"All the partial activities that the coalition parties are planning in their programmes reflect concrete needs that should lead to IT development in society, but to achieve these goals, a systematic approach is needed," said Jiřina Perényiová, executive director of the Association of Telecoms Operators.

Part of what is needed, continued Perényiová, is a simplification of government oversight of the sector. While every other country in the Visegrad Four has an IT ministry, executive competence in Slovakia is spread across eight government bodies, beginning with the Transport, Post and Telecoms Ministry and ending with the Statistical Office.

"Until now, telecommunications were handled by the Transport Ministry, while IT issues were addressed by the Education Ministry," said Perényiová.

"In practice, this means that key questions on the development of IT in society were not solved by the body that deals with the construction of telecoms infrastructure, but were assigned to the ministry that is the biggest 'client' of info-com services, that is schools.

"If Slovakia is to advance in the IT area, questions of development and telecommunications should be solved by one authority," she added.

Besides advocating that oversight of IT development should be carried out by one body, Perényiová also suggested that broader legislative reforms are needed in the telecoms sector.

"New legislation to harmonise Slovak laws with EU laws should be passed. Conditions for a transparent, competitive environment in the telecoms sector should be created to enable consistent liberalisation of the telecoms market. Other laws that have an impact on telecoms services, like those governing VAT, should also be amended."

The execution of the telecom law is another problem, she added, as a liberalised market cannot work properly if the supervisory body does not have sufficient authority.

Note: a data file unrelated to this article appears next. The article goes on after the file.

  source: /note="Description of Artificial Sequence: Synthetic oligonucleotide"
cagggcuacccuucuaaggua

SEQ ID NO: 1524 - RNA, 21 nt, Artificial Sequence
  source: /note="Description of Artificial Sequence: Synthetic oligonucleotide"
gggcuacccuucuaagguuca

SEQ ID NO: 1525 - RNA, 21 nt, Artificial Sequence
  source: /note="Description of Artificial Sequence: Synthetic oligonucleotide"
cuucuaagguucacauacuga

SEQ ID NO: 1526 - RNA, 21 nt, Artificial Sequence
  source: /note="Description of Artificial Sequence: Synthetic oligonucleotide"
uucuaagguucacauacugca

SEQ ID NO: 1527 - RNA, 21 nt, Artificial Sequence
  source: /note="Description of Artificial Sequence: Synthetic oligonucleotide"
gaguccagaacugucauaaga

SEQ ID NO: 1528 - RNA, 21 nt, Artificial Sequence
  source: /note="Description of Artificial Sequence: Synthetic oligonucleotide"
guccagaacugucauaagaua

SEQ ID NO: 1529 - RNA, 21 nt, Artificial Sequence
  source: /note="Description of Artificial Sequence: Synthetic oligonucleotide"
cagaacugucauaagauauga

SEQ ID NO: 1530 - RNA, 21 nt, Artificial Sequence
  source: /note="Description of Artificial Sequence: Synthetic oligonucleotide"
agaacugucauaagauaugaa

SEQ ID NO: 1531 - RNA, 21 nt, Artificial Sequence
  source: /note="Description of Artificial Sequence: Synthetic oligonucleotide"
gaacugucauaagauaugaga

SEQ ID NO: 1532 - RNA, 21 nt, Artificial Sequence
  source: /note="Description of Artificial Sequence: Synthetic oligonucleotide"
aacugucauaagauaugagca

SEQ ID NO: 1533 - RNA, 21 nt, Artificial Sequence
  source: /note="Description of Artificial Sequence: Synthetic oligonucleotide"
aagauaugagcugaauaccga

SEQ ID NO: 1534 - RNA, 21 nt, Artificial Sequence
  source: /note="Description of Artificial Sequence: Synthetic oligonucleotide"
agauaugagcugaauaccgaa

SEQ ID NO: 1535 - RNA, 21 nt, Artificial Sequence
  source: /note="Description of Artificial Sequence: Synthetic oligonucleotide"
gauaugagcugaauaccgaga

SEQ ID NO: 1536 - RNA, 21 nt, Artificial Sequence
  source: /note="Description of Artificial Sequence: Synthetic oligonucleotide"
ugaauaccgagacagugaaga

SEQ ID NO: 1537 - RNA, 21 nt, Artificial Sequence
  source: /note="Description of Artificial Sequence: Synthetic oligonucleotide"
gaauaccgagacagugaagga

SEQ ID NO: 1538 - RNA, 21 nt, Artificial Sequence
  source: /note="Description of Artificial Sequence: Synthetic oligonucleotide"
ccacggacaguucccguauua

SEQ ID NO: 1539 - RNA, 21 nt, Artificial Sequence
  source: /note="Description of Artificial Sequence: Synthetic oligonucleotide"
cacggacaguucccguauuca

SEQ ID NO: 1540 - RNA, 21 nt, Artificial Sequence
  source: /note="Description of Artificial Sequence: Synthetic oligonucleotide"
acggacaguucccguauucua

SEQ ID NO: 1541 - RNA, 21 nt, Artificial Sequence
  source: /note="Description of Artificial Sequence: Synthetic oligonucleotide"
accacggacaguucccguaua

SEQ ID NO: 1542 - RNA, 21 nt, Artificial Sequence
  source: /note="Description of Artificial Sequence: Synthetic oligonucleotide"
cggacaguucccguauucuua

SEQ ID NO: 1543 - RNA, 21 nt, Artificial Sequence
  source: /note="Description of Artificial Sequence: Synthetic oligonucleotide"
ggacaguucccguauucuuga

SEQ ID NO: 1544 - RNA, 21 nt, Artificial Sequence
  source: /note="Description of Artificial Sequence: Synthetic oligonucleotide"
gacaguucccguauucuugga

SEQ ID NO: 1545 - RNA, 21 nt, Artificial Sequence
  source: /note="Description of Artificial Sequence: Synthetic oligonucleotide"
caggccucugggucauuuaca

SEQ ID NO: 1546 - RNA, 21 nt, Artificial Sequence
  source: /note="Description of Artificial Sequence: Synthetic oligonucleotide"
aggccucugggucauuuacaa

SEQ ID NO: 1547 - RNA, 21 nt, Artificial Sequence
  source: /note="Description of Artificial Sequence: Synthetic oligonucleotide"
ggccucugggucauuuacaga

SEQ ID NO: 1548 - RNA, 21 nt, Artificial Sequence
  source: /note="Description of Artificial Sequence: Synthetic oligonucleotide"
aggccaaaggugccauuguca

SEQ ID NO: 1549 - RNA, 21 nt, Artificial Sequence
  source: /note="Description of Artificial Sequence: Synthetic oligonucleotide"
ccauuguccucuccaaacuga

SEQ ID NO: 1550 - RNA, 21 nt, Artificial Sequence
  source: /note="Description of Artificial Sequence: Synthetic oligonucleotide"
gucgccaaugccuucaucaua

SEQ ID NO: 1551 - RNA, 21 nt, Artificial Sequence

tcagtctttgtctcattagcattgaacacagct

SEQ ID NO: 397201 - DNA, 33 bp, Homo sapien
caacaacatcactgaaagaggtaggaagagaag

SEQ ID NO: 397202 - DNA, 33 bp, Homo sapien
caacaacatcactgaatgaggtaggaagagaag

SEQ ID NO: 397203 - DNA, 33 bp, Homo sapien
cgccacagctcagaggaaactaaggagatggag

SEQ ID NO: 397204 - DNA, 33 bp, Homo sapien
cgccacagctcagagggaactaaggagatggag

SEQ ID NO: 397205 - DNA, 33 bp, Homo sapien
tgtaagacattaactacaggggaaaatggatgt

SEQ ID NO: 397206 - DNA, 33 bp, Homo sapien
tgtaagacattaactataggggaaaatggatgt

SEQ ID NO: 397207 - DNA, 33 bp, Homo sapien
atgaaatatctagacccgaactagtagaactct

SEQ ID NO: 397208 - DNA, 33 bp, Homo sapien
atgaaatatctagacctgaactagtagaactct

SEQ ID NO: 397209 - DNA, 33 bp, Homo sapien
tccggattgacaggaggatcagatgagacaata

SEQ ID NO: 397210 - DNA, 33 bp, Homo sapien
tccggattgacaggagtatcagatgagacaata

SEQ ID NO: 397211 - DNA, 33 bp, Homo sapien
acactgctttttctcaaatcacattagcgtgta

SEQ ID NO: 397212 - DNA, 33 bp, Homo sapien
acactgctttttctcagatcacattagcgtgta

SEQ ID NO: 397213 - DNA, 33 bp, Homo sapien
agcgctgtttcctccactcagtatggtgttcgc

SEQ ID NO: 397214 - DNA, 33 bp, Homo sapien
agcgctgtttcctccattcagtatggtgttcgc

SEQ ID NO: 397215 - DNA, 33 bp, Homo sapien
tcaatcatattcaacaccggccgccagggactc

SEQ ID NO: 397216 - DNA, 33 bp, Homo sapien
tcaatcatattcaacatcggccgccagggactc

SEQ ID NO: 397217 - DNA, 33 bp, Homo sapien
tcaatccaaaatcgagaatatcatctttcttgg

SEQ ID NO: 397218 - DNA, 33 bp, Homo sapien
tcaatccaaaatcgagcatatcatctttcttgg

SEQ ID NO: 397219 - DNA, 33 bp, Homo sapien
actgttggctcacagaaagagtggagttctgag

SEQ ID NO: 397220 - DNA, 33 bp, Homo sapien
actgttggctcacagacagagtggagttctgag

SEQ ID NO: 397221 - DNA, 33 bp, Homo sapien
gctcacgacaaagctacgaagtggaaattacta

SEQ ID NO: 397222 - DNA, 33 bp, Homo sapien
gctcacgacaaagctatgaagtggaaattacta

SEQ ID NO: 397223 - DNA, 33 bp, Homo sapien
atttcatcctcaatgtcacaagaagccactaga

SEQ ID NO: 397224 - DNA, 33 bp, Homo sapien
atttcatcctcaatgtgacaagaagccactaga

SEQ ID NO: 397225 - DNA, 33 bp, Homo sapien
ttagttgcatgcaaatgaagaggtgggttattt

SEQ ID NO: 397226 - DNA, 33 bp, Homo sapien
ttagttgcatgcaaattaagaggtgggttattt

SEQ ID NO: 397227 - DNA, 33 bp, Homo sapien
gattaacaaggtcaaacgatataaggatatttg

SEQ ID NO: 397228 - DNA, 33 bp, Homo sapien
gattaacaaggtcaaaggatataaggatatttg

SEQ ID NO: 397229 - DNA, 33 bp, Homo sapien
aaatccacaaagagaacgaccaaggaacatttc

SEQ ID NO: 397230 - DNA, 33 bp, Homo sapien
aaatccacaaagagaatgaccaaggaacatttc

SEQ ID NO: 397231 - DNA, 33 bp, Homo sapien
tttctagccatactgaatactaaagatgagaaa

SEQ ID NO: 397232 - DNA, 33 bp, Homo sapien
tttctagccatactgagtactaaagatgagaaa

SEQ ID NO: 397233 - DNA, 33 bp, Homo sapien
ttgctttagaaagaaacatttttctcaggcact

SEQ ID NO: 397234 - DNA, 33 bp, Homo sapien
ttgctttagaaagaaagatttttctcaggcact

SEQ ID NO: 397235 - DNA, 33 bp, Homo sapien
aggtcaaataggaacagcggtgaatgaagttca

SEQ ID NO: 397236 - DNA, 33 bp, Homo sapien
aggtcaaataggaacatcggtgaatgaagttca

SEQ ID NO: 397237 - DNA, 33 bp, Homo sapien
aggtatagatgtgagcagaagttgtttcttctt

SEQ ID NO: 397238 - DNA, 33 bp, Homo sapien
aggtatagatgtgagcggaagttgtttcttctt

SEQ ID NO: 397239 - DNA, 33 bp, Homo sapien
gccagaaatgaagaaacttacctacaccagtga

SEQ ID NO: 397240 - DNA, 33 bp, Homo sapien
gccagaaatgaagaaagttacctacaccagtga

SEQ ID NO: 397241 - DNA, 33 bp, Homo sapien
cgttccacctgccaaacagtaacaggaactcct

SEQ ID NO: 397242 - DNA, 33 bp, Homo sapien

"In this context, strengtening the powers of the regulatory body is inevitable," said Perényiová.

While the first Dzurinda government made strides towards adopting a national IT strategy by its acceptance in late spring of the eEurope+ programme - under which EU members and candidate states are to formulate national IT plans - experts emphasize that an overall strategy has not yet been presented.

"When the government approved the [eEurope+] policy of IT development, the strategy was being prepared but it was not presented for government discussion," said Sabaka.

"In Slovakia, [a plan] has not yet been approved, although all the surrounding countries already have one. A general view on the use of IT possibilities in the improvement of state functioning and building a knowledge economy is still missing.

"eEurope+ is only a document, and the road to fulfilling it is long. So far, I can't see any results," Sabaka added.

"Not only do the plans need to be improved, but they also need to be adapted to incorporate all priorities. Without that they are useless," said Perényiová.

"The most important part of all the projects in this area is control over their implementation. In four years' time we don't want to read about big plans for projects that should already be up and running all over again," she added.